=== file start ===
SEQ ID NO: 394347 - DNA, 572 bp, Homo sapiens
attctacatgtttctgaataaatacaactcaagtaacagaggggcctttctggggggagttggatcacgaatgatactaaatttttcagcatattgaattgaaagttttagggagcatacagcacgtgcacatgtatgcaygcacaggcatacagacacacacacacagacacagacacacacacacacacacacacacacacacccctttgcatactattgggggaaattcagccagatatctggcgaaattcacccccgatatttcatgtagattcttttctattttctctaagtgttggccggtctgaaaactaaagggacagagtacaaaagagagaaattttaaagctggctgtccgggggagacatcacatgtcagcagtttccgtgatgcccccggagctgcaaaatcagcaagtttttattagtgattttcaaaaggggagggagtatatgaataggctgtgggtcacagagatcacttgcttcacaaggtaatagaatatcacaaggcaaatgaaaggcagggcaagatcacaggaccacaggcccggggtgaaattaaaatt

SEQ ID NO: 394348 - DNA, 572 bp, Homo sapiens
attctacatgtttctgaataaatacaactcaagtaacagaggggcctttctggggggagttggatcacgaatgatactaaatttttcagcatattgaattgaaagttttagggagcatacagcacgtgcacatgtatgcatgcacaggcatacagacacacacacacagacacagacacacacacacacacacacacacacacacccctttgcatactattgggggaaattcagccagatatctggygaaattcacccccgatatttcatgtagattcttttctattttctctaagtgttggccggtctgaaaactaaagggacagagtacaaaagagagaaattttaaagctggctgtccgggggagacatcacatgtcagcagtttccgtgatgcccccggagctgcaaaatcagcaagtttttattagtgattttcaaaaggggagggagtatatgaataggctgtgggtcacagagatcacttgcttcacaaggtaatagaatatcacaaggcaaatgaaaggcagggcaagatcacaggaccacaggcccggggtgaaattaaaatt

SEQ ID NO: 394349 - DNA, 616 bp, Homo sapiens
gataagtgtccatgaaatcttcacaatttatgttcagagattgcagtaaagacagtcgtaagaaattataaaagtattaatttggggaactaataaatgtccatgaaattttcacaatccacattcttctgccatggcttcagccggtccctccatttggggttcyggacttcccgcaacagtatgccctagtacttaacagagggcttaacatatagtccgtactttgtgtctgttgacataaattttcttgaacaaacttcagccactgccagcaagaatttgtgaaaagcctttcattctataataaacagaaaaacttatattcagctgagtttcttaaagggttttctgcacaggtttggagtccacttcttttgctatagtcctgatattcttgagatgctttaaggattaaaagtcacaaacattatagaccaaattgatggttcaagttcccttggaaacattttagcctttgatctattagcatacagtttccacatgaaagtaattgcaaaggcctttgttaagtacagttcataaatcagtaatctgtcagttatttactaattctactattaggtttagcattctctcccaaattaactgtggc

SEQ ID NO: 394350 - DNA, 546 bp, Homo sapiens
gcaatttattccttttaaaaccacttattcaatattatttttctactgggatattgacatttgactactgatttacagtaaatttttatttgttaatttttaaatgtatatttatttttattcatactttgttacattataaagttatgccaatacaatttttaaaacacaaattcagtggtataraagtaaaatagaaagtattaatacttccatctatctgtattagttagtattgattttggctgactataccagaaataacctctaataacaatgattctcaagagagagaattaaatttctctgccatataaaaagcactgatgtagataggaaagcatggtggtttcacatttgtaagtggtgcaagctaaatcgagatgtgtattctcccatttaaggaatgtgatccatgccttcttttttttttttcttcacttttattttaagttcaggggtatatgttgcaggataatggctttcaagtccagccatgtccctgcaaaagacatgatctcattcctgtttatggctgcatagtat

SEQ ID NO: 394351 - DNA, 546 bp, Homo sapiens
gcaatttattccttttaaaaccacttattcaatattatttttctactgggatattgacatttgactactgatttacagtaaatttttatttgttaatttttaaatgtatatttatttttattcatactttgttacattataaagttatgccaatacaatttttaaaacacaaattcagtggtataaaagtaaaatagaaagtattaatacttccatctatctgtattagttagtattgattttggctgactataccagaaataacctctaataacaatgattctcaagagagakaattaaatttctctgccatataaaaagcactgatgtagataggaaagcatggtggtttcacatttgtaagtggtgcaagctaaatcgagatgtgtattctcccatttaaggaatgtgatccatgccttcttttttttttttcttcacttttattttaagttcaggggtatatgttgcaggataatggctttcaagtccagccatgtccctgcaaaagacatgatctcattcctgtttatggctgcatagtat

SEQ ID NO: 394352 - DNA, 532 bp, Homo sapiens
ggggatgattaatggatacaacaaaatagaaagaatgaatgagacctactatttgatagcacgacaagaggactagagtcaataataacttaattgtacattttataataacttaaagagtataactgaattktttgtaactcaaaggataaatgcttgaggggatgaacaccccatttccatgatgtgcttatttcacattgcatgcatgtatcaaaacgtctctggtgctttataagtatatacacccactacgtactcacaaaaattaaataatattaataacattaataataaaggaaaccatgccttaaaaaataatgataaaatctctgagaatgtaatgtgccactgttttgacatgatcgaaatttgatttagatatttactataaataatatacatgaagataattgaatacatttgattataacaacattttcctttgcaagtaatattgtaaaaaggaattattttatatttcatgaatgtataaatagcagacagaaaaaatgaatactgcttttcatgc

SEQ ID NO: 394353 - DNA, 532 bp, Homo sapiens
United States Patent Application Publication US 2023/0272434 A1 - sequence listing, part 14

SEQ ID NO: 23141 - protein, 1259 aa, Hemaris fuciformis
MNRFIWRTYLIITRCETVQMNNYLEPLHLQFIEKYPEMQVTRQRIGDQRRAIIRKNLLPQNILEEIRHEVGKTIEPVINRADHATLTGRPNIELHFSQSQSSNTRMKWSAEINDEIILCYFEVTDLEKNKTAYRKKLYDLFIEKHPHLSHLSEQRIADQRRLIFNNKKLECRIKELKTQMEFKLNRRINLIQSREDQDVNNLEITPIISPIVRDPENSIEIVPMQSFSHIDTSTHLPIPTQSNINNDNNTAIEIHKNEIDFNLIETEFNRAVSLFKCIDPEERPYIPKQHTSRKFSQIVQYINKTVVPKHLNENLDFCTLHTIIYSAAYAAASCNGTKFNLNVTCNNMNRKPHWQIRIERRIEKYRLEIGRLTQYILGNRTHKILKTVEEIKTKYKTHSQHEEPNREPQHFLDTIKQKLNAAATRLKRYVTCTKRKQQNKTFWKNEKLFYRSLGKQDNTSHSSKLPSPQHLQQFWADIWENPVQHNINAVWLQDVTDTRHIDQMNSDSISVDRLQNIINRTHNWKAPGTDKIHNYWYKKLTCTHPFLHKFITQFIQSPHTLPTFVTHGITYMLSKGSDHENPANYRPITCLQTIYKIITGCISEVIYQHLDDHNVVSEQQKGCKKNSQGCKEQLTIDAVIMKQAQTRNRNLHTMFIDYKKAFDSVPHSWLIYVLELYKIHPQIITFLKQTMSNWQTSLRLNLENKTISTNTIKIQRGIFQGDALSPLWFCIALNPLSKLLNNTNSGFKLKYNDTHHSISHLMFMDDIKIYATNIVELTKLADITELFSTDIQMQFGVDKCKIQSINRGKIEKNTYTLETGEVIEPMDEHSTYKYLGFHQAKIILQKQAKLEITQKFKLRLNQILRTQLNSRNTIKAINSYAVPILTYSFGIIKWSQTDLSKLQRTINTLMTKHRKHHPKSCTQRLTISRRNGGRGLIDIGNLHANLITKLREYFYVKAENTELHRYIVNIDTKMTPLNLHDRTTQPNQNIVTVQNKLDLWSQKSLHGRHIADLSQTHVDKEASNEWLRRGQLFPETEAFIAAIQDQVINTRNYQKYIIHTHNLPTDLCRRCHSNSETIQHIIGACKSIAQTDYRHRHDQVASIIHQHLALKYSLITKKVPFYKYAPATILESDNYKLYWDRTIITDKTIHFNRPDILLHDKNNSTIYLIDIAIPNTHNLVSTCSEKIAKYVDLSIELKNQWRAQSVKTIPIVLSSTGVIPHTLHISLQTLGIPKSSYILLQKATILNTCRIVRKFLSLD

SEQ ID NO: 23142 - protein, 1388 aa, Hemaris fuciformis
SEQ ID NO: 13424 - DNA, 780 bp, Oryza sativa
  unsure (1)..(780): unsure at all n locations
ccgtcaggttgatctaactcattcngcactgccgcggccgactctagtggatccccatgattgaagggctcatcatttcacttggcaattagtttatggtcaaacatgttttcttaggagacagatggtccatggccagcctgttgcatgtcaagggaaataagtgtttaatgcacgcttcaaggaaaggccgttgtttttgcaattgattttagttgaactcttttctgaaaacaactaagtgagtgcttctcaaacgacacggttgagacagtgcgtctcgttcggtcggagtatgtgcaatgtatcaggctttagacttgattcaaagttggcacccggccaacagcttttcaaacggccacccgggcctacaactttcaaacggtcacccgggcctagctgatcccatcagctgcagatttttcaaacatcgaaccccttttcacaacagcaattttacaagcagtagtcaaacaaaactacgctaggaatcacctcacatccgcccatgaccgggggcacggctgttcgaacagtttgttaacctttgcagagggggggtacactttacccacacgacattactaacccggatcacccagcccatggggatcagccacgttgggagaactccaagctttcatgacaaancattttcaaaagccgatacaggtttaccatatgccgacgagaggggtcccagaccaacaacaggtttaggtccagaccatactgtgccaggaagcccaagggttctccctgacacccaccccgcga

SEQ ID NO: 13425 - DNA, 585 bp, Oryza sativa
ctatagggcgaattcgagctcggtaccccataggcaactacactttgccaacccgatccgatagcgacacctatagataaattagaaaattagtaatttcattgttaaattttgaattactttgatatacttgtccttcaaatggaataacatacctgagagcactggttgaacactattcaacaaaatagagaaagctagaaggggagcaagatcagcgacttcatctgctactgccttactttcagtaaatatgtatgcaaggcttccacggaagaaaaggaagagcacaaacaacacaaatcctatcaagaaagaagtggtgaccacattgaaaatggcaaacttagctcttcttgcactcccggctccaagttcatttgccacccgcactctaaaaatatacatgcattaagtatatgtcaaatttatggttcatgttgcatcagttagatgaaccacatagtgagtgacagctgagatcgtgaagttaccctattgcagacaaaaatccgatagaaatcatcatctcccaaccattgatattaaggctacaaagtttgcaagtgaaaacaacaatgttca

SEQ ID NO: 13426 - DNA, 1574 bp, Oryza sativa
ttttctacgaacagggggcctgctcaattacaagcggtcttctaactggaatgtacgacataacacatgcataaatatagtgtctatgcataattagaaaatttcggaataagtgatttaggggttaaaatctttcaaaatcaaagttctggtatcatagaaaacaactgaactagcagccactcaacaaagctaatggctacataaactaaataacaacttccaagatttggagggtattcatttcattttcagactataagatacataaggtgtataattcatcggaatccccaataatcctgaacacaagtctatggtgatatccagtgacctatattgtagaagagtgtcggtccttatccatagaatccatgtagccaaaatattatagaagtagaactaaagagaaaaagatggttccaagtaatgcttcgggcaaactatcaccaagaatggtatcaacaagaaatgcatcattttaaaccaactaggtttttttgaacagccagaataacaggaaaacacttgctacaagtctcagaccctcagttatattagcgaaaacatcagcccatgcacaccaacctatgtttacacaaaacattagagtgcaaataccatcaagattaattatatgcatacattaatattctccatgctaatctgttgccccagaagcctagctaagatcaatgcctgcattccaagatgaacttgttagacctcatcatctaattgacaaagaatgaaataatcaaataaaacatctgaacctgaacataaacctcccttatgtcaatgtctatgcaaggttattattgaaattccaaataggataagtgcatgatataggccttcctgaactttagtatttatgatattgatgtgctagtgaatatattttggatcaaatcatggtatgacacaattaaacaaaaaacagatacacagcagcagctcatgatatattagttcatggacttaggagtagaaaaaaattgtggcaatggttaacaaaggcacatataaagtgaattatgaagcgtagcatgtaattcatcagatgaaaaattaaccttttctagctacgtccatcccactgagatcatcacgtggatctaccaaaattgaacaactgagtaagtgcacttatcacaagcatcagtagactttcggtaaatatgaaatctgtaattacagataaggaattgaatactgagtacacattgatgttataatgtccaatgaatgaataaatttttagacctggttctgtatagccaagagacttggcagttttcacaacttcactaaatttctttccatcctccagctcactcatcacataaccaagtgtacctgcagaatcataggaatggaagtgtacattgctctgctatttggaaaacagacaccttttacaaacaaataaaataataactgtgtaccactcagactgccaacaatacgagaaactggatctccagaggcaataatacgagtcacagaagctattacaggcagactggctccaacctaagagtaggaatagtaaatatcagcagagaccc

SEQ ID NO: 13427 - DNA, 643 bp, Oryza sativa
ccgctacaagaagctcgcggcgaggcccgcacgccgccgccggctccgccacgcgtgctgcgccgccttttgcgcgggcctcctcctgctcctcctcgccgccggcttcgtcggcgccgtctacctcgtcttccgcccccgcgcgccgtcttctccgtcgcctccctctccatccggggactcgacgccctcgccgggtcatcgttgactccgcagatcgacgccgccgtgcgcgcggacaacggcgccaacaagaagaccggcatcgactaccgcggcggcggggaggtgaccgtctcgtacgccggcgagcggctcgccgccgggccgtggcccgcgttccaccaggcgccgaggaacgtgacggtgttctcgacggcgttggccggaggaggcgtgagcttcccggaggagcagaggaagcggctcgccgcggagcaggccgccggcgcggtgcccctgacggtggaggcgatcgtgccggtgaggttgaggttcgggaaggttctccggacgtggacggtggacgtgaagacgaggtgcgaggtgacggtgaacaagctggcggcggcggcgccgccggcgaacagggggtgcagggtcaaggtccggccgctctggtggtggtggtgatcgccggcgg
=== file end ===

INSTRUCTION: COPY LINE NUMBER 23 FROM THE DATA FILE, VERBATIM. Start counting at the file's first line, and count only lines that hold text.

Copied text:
SEQ ID NO: 13426 - DNA, 1574 bp, Oryza sativa